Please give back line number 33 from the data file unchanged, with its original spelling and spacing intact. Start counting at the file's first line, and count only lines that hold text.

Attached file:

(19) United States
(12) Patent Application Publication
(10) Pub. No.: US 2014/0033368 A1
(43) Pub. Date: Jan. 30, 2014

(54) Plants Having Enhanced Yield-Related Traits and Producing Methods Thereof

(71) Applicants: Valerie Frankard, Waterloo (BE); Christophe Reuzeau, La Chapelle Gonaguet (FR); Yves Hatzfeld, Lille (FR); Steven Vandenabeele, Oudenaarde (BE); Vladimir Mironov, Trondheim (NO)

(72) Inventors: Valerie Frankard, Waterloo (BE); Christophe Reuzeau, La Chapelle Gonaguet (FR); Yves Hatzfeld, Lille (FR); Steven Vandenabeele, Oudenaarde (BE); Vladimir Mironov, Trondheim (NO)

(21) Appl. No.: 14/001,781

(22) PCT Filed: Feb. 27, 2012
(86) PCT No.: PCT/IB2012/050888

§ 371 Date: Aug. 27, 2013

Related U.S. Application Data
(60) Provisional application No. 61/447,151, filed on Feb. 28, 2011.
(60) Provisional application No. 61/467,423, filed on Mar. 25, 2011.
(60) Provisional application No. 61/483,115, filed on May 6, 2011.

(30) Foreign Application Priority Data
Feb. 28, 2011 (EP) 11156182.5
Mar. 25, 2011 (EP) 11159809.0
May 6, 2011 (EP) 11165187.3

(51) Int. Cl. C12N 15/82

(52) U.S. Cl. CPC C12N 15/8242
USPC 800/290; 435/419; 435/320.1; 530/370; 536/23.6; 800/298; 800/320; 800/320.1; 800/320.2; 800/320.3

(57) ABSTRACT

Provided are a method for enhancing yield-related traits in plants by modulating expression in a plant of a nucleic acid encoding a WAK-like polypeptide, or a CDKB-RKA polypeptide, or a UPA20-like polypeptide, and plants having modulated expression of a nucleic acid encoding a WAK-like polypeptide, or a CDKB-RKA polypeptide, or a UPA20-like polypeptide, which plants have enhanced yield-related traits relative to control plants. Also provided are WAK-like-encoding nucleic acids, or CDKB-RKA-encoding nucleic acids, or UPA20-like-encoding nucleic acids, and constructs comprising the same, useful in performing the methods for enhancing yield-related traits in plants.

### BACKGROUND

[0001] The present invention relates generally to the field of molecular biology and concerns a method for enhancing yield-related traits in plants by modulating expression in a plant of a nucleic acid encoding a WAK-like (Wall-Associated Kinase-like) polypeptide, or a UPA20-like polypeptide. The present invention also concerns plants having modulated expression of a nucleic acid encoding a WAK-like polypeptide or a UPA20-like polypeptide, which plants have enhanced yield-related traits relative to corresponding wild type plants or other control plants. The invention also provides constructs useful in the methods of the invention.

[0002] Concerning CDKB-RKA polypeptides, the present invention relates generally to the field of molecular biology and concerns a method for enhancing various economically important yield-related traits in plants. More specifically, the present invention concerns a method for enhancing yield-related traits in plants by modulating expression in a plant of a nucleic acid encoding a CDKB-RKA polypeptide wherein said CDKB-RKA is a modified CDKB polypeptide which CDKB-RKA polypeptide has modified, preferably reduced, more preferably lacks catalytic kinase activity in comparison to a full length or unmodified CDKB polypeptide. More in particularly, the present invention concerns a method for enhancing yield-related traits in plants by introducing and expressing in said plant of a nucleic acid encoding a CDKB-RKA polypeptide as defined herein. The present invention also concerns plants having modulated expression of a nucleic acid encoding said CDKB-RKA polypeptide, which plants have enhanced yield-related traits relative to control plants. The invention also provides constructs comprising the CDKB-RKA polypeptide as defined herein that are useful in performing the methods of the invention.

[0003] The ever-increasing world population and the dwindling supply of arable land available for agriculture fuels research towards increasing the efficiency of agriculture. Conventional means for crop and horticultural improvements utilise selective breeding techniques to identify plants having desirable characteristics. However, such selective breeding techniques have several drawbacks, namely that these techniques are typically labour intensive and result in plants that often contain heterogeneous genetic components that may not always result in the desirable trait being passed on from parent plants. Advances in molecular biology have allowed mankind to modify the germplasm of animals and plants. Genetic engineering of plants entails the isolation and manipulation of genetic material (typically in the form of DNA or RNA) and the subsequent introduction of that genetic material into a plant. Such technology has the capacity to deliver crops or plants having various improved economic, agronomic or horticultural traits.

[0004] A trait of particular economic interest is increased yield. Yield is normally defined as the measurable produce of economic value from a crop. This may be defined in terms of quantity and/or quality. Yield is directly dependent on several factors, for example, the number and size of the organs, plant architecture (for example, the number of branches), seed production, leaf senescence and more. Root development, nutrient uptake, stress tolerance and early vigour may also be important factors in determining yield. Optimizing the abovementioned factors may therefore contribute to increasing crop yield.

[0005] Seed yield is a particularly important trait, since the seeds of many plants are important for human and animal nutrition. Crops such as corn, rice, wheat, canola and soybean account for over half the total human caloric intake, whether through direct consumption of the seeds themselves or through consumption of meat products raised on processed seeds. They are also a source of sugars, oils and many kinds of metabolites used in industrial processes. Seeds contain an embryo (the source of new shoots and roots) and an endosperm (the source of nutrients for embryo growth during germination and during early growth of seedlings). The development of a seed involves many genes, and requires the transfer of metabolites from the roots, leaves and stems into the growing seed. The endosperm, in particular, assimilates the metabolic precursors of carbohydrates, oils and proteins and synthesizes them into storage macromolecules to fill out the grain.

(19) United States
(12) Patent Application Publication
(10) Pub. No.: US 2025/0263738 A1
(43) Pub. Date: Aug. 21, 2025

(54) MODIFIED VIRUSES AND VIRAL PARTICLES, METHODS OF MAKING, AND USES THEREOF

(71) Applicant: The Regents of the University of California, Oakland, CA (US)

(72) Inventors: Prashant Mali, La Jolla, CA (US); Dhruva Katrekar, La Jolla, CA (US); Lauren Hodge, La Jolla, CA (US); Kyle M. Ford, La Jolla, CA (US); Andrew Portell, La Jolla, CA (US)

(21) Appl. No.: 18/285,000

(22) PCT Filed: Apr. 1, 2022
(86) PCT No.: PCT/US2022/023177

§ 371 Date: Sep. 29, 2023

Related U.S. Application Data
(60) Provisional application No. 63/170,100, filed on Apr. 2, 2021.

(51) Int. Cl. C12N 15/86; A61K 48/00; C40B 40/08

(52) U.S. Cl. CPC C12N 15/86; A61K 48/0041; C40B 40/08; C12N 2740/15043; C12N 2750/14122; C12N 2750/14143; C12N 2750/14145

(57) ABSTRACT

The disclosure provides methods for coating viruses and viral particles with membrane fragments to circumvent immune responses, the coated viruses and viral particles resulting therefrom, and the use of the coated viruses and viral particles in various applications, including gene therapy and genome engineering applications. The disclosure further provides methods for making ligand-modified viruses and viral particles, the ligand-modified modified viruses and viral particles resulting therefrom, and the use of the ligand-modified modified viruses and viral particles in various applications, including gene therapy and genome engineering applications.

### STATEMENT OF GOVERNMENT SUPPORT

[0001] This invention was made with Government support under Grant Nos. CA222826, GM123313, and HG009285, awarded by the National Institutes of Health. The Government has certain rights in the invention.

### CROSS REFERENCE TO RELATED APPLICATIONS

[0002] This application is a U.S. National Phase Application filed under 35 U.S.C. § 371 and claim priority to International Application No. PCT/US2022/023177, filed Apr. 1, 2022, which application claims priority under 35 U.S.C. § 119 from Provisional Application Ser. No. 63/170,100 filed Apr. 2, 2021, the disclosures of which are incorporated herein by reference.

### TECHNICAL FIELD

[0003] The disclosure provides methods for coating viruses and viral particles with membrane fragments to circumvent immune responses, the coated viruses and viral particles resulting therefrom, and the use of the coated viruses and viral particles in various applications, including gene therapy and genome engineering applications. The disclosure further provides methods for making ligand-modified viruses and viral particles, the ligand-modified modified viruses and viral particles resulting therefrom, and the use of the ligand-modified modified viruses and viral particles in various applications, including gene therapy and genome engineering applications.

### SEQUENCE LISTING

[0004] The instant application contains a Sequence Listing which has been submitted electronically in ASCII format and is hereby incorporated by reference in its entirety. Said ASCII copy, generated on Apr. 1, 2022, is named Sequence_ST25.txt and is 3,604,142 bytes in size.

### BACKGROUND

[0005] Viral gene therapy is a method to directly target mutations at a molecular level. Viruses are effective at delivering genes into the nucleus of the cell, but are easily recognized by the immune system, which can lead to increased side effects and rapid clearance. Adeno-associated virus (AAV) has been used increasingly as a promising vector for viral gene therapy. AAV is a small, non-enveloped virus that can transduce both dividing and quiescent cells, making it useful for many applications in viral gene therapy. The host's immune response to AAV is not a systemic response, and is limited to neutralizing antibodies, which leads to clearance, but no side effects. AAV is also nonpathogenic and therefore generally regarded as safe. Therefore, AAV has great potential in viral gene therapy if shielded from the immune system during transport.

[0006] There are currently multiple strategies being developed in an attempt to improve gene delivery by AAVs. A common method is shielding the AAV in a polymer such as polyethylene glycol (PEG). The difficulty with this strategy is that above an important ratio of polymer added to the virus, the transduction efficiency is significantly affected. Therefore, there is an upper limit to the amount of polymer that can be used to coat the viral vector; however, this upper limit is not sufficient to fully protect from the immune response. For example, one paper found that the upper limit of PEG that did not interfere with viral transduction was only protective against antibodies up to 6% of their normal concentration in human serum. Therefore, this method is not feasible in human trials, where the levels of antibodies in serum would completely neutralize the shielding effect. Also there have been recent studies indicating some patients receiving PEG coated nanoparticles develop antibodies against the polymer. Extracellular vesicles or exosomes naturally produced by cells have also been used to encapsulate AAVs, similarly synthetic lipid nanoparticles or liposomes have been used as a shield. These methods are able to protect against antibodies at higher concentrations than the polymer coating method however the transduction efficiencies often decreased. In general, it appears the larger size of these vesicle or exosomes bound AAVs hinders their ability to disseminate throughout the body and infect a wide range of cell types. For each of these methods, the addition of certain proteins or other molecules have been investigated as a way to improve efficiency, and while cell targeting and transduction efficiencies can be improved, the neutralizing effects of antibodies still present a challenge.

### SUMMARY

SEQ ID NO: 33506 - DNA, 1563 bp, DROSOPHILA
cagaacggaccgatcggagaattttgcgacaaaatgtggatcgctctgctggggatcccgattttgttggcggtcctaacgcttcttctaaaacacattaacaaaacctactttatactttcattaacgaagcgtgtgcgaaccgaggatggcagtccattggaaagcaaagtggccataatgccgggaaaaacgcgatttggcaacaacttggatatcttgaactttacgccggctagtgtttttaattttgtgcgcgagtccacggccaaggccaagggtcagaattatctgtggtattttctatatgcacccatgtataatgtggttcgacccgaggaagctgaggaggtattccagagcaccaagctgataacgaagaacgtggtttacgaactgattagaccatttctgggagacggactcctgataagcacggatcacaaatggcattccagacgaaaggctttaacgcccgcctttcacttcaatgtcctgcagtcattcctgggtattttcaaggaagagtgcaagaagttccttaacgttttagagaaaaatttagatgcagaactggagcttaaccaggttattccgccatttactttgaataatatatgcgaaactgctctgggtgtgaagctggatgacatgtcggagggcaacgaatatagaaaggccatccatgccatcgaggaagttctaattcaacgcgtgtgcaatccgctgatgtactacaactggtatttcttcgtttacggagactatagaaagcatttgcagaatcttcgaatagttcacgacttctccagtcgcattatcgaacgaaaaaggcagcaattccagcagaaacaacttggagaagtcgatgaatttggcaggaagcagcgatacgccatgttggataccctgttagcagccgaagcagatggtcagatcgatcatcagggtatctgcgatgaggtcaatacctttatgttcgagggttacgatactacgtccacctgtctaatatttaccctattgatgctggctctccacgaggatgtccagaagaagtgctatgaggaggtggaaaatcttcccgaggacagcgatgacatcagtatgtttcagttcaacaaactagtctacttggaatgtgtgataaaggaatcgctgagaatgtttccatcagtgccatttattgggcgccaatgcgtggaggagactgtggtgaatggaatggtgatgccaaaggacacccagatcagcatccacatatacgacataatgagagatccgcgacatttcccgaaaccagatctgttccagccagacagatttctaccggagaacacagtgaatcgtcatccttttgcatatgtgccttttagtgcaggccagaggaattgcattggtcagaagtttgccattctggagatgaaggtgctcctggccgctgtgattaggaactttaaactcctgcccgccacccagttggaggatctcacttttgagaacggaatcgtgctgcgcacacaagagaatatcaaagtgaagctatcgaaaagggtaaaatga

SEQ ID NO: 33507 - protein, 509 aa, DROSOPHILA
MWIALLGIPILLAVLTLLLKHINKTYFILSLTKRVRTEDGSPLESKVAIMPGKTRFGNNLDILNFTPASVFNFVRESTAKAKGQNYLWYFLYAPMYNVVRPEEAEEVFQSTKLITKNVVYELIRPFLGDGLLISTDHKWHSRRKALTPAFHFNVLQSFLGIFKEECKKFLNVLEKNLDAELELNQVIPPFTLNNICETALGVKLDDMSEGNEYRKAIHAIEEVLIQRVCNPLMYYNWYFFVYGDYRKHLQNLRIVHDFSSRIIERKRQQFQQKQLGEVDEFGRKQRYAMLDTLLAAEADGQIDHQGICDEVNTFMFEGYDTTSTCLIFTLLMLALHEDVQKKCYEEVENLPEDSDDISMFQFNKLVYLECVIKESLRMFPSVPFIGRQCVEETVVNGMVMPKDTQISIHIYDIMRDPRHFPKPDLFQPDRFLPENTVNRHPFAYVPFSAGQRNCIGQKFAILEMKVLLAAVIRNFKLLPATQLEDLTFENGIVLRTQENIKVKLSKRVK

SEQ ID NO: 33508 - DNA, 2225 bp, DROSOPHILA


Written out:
(10) Pub. No.: US 2025/0263738 A1